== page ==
Wednesday, August 25, 2004

Mental Models, Taxonomies & Windows of Weltanschuuangs

[Note: "Weltanschauung" is the correct spelling, not "Weltanschuuang". Thanks to Yee Fuang for pointing it out. But I've decided to leave it, misspellings, warts and all - Ivan. 26 Aug 04]

Just read a blog post by Yee Fuang, the latest addition to my list of 'Asian Liblogarians'. She's thinking about Mental Models. Her blog got me thinking too -- seems that libraries have not truly explored what hypertext and Internet-technology-in-general can really do to make the organisation of information more personalised. Take for instance the way librarians build a "librarian's mental model of a book", i.e. what we call 'Biblographic Access Points' -- Title, Author, Subject, Publisher, ISBN etc. Users have no choice but to conform to what we decide are the access points to information.

I have a feeling that most libraries, in building taxonomies, are doing what the Chinese say, "Change soup but not the medicine", i.e. we may be doing things to same way.

Some people have suggested that with today's technology, we should allow users to build their own Access Points to information. I came across an excellent blog on this but can't remember where is it (damn!). Anyway, it sounds logical, doesn't it? We each have different "mental models" in how we make sense of information and the world at large. Libraries should build "information taxonomies", but allow end-users to search for information the way they see it, according to their 'Weltangschuuangs' (i.e. world-views).

Let's use the term "Relationships" as an example:
Women = "Long term" + "Companionship" + "Marriage"
Men = "How to score, big time"*
(*hey, come on it's true ain't it?)

So should any librarian wonder why people are turning away from libraries and plunging into the Internet? Could it be that the appeal of the Internet is that there is no 'right' way to seek information? That no one will notice that you are not searching for it the 'correct way'?

Speaking of 'correctness', I have to qualify that I don't really know what I'm talking about when it comes to "Taxonomies" and "Mental Models". So flame me, correct me, teach me :)

Oops -- a 'Tangential Thought' moment here (i.e. where I digress and ramble):
(1) Perhaps that's why I'm hooked on blogs. It doesn't matter that I'm reading someone's biased view of politics, or a teenager expressing his/ her angst. It all adds to my understanding of how other people view the world, a "Window to their Weltangschuuangs", their Mental Models of things that matter to them.

(2) The word "Taxonomy" is defined as the "scientific process of classifying living things". Hmm... 'Information' as a 'Living Organism'? I'm sure there's an article out there about this.


  1. Tx, Ivan for your gems and nuggets! Got me thinking too.

    Just to share....taxonomies, latest definition = systems of labels that form a hierarchical navigation scheme (defined by Warner, 2004 in his article 'Information architecture and vocabularies for browse and search'). Their distinctiveness (from DDC or LC or UDC) is that the emphasis is on building intuitive structures and using familiar terminology from the users' perspective to facilitate resource discovery.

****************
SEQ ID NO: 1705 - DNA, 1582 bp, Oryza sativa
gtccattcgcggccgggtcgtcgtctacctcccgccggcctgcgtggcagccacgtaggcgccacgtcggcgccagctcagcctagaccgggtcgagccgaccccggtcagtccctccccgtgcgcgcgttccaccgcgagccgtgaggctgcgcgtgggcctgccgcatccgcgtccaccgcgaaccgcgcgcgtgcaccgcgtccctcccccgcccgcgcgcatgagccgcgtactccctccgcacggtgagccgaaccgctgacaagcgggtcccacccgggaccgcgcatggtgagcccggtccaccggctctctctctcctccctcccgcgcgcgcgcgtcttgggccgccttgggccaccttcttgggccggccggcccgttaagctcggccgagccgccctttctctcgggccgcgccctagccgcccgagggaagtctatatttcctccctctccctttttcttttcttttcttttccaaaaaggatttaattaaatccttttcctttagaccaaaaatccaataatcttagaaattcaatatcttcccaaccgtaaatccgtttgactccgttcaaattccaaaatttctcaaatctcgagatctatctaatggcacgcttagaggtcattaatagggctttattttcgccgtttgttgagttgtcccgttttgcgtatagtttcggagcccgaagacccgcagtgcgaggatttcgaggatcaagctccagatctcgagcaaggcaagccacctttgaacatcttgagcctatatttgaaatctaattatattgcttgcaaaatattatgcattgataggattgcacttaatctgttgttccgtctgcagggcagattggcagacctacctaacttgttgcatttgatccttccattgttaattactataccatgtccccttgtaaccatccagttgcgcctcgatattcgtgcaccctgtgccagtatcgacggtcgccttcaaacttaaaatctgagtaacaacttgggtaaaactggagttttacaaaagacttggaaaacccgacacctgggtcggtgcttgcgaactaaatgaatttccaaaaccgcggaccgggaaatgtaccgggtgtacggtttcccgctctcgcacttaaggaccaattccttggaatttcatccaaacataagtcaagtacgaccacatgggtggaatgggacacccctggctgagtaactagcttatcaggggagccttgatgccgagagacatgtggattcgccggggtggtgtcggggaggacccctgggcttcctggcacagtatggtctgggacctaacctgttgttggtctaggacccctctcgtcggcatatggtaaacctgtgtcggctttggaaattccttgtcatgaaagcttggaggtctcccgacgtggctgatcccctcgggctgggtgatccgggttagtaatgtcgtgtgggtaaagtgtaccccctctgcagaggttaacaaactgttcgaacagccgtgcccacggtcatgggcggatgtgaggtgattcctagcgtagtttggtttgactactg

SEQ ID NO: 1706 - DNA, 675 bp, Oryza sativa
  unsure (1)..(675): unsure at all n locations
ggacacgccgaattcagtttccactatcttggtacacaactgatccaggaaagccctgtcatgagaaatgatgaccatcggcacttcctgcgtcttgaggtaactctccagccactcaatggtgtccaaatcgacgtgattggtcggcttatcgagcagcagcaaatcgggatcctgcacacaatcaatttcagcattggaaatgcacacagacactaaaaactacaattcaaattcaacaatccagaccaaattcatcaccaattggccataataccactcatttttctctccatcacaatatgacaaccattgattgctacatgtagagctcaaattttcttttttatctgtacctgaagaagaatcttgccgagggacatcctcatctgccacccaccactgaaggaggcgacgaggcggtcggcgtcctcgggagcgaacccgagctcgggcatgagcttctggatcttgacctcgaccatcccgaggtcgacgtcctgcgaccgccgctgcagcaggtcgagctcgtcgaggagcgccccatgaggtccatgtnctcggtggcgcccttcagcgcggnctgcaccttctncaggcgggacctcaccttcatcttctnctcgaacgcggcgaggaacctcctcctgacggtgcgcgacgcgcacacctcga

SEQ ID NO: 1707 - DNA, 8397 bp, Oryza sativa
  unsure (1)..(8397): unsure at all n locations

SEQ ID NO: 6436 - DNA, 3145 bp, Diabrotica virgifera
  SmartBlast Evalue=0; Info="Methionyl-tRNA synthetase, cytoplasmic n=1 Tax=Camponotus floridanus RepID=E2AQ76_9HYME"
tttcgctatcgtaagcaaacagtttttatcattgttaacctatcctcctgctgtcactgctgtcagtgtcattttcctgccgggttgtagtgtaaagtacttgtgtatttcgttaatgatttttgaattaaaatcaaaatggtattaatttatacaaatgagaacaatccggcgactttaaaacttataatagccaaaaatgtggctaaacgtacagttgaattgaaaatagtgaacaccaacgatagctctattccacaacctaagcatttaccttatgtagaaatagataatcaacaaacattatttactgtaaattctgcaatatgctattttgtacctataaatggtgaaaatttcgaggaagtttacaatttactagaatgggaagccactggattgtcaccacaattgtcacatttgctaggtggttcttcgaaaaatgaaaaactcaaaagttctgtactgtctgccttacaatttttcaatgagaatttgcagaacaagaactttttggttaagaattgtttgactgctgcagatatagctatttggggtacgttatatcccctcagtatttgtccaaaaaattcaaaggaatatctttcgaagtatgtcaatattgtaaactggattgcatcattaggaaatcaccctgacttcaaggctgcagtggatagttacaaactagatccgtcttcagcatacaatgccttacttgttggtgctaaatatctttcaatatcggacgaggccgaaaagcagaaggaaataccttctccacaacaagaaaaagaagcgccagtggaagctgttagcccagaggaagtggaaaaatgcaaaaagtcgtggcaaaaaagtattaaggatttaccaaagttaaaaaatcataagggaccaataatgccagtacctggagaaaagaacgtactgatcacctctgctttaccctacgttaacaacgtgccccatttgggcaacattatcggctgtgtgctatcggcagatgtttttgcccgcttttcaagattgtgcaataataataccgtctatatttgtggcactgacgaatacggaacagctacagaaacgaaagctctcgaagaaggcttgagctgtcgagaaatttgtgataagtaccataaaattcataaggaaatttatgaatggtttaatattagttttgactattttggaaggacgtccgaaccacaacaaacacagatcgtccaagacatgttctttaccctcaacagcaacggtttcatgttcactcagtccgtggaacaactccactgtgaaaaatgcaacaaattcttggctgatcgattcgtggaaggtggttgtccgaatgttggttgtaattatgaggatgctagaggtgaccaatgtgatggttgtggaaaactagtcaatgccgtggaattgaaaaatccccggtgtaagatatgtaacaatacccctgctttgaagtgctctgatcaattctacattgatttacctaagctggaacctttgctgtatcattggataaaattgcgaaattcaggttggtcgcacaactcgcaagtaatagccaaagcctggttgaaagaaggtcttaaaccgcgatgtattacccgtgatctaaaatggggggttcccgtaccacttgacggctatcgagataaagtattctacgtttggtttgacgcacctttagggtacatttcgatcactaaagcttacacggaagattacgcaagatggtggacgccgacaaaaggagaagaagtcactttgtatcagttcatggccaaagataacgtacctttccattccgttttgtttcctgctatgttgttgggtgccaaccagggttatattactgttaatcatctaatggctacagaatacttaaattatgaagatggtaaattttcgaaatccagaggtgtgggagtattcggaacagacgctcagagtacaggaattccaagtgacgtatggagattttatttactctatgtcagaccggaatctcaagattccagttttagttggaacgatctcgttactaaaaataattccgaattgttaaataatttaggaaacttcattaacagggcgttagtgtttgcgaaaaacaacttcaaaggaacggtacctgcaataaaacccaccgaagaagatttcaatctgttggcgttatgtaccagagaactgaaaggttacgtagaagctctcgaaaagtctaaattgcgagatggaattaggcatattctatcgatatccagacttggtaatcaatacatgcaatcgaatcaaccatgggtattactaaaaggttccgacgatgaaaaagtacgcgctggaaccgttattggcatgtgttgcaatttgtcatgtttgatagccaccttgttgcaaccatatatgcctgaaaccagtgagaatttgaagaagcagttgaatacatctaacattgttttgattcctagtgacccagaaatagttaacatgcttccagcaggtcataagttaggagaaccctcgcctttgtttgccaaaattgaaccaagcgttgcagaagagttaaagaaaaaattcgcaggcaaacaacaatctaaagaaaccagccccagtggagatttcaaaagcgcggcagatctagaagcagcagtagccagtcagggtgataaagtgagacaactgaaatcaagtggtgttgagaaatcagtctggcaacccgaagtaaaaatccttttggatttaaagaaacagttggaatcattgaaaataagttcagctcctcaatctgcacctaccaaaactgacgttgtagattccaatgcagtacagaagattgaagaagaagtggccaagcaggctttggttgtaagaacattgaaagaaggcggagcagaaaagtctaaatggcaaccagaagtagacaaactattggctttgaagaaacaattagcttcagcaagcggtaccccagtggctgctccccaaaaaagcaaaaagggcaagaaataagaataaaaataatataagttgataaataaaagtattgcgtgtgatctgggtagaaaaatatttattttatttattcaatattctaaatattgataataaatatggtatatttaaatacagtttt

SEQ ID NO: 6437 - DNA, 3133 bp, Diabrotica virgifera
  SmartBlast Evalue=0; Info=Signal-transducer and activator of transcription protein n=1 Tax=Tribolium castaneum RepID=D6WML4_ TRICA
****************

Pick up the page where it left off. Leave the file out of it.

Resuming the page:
I have yet to see how we can build intuitive terms in taxonomies as we come from different backgrounds, have different experiences -- thus using different mental models when we search? How to collate this knowledge?

    I suppose when we want quick information: a definition or some explanation, 'googling' can be quite easy, convenient, intuitive, which is what the majority want. But when it comes to looking for quality, authoritative materials for other needs, e.g. writing a research paper, it doesn't yield much satisfactory result, does it?

    Btw, isn't it 'Weltanschauungs'? Rather than 'Weltangschuuangs'?

    Check out this research paper 'Mental Models of Information' on school students

  2. Anonymous1:46 pm

    Hi Ivan

    u wrote "So should any librarian wonder why people are turning away from libraries and plunging into the Internet?"

    Ever wonder why EVEN librarians' basic instincts to finding "answers" is to google?

    A new generation of people are now armed with information dowsers (those new age thingy that orignated from water and mineral seeking in the grounds) - sniffing at untaxonomised, undifferentiated data nodes in datascapes - to recognise a pattern in the chaotic datascape and nodal points (read Idoru). This is an emergent info seeking behavior.

    For predicting a change or a shift - if only we can somehow i-ching-nise the data.. so that people can detect an oddity , a pattern, a chasm, a peak etc.. by their own pattern recognition skills.

    On a more serious intellectual note, may I "discuss":

    Foucault in his book The Order of Things describes``a certain Chinese encyclopedia'' taht breaks up all the ordered surfaces of our thoughts. The encyclopedia divides animals into the following categories: ``a) belonging to the Emperor, b) embalmed, c) tame, d) suckling pigs, e) sirens, f) fabulous, g) stray dogs, h) included in the present classification, i) frenzied, j) innumerable, k) drawn with a very fine camelhair brush, l) et cetera, m) having just broken the water pitcher, n) that from a long way off look like flies.''


    see Order of Things outline:

    (some) Women = How to score, big bucks.
    and I read somewhere that "taxonomy is the art of insulting animals, plants and fungi in Latin".

    Cheers, GgL

  3. Anonymous9:38 am

    Hey Rambling Libarian... could u just enlighten me on the "how to score, big time" thingy you mentioned...

    As for the rest of the discussion is too chim for my small brain.



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